Ashley: There’s more I can’t think of now, but the pattern seems to be zany comedies with clever dialogue and darker/noir/psychological stuff. I still love noir and Hitchcock and smart but zany comedies. I also think watching a lot of classic movies as a kid motivated me to get that film minor in college and made my classes SO easy because I already had a pretty good foundation and appreciation for older films and B&W which most of my classmates lacked. I think Young Frankenstein is a good choice for an intro to black and white because you can explain the B&W was a stylistic choice and talk about parody. Plus the plot and dialogue is approachable, whereas older films are stylistically very different and the dialogue and aspects of the plot can be pretty cheesy–which I think can be a barrier to entry for kids accustomed to modern films. I also think movies that are very visual where the black and white is integral to the style are good. Sunset Boulevard, The Maltese Falcon, Hitchcock, etc. assuming kids are old enough to appreciate them and follow the story.
Jim: I think Young Frankenstein and others like it work better if you have at least some knowledge of the source. Seeing Frankenstein and a Fred Astaire musical first makes it funnier. Same with Blazing Saddles and, say, Magnificent Seven or another great western.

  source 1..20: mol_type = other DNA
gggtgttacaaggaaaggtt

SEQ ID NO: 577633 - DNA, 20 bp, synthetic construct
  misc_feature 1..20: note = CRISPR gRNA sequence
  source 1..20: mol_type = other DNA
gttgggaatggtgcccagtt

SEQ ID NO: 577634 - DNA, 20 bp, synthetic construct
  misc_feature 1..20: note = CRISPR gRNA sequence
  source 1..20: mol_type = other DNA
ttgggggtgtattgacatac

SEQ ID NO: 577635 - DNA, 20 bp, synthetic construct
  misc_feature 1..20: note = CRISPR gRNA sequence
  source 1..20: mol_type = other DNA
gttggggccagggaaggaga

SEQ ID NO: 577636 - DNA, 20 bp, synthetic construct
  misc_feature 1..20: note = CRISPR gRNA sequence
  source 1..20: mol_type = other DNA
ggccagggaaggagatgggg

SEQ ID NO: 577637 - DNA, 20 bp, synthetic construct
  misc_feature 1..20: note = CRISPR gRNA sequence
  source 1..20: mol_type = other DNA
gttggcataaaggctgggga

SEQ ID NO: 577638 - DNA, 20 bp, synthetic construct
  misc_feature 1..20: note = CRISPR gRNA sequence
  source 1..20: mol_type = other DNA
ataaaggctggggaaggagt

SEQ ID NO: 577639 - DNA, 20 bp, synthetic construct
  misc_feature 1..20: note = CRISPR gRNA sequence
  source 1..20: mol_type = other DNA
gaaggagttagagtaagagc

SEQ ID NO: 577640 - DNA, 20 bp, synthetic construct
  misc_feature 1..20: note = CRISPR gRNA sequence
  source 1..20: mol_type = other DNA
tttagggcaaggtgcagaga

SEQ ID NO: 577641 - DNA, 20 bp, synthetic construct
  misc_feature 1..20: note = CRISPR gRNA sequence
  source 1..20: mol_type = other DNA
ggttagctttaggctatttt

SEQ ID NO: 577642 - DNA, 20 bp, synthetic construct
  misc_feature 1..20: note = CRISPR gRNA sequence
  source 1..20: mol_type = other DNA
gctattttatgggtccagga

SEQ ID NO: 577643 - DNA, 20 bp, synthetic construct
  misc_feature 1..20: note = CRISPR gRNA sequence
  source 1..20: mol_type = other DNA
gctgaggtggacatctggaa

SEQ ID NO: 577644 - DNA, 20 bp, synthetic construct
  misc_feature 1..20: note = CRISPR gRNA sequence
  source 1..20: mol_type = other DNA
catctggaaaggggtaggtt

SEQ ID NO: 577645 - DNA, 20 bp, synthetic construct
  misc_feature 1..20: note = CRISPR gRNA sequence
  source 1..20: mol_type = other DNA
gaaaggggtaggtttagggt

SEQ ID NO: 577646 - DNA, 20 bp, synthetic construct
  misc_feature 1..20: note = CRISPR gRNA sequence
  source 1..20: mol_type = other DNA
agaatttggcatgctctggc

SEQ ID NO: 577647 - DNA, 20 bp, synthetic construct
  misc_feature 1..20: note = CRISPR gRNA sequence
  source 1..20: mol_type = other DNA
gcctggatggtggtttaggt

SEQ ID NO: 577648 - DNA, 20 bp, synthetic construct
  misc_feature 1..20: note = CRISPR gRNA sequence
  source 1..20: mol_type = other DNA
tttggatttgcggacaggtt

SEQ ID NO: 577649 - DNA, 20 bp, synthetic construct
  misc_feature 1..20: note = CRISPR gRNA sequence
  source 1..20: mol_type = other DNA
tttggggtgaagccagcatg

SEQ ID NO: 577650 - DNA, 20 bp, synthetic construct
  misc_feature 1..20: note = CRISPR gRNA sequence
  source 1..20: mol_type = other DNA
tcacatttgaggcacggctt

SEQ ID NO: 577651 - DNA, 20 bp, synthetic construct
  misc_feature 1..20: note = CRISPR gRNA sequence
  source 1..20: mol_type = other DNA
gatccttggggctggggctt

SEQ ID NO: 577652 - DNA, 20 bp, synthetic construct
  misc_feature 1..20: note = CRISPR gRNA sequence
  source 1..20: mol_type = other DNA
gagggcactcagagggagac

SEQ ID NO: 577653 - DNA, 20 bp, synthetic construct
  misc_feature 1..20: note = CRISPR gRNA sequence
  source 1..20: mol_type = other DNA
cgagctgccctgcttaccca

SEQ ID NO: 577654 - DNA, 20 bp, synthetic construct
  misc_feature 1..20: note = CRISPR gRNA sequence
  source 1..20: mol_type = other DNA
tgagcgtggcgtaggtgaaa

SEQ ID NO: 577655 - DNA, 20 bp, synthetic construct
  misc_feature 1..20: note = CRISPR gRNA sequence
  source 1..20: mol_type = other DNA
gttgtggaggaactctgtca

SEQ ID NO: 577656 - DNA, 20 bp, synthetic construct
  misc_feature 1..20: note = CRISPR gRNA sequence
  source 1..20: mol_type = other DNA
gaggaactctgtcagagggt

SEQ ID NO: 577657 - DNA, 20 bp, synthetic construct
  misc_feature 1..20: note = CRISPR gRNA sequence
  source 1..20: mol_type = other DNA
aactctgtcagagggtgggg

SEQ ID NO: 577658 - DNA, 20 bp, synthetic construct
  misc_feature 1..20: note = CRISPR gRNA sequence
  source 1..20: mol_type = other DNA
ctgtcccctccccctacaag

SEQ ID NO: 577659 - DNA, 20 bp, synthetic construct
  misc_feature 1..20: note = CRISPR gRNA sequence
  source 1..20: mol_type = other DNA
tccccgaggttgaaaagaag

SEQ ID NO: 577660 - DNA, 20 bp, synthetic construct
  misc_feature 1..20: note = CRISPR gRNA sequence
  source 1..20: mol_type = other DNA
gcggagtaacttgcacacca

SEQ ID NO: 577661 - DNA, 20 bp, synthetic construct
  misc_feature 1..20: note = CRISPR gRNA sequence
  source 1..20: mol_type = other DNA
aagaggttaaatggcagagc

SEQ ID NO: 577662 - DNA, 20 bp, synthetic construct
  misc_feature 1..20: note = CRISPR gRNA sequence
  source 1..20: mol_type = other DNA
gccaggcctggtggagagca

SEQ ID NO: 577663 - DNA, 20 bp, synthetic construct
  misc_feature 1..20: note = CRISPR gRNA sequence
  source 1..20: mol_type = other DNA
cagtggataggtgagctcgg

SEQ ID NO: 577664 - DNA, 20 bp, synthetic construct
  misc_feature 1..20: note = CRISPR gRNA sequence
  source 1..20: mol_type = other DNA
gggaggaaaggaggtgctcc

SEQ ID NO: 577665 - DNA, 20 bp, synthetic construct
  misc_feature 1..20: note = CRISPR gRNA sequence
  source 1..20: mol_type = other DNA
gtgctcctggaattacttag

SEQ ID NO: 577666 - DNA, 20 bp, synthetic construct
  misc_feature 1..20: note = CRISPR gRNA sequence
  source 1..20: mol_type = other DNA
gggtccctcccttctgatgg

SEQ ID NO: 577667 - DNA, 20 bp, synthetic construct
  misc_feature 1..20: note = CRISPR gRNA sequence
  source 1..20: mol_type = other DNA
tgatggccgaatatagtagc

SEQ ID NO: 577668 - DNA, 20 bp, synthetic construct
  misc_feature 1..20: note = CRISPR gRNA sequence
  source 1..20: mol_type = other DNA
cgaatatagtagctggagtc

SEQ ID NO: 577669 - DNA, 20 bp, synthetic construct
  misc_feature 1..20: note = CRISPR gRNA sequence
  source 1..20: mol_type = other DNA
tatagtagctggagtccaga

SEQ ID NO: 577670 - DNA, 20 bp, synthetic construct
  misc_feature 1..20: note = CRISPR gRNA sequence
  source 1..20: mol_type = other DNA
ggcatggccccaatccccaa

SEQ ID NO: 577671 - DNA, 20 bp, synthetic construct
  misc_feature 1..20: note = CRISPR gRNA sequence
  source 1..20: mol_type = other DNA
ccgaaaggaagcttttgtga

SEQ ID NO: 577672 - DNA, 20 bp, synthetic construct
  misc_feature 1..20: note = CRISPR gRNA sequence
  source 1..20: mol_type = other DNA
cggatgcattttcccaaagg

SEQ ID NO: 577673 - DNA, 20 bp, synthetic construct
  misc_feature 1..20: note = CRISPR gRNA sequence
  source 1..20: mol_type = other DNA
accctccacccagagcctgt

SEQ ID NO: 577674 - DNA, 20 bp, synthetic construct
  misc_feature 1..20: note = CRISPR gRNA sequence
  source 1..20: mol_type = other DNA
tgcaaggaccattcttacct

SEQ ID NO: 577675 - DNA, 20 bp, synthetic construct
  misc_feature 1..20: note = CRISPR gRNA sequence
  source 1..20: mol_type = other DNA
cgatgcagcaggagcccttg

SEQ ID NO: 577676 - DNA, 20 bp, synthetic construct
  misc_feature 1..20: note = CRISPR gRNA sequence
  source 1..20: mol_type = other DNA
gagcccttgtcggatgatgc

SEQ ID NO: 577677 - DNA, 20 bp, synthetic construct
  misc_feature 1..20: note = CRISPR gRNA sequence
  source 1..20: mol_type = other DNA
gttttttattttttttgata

Ashley: Yeah, that’s probably true. although isn’t Frankenstein kind of just part of the cultural lexicon at this point? Granted I have zero idea what kids watch these days, but I feel like there’s tons of Frankenstein references in cartoons and whatnot.
Kate: I remember watching the 1959 House on Haunted Hill movie with Benny [a close family friend] as a small child and really enjoying it. Not sure how much of that was the movie and how much was just the fact that he was really into it and excited to share it with me. To Kill A Mockingbird is one of my all-time favorites and I think it’s especially relevant these days.
Jim: I think at least one Fred Astaire musical needs to go in, just because he’s so often referenced.
Kate: Fred Astaire is in Funny Face. Dudley Moore in Arthur is a fun one too.
Jim: Funny Face has an older, more relaxed Astaire. You really need to see him in his prime. I’m leaning toward Blue Skies because it includes “Puttin’ On the Ritz,” but it’s not a Fred & Ginger. Arthur is a good one for older kids. It opens with a hooker.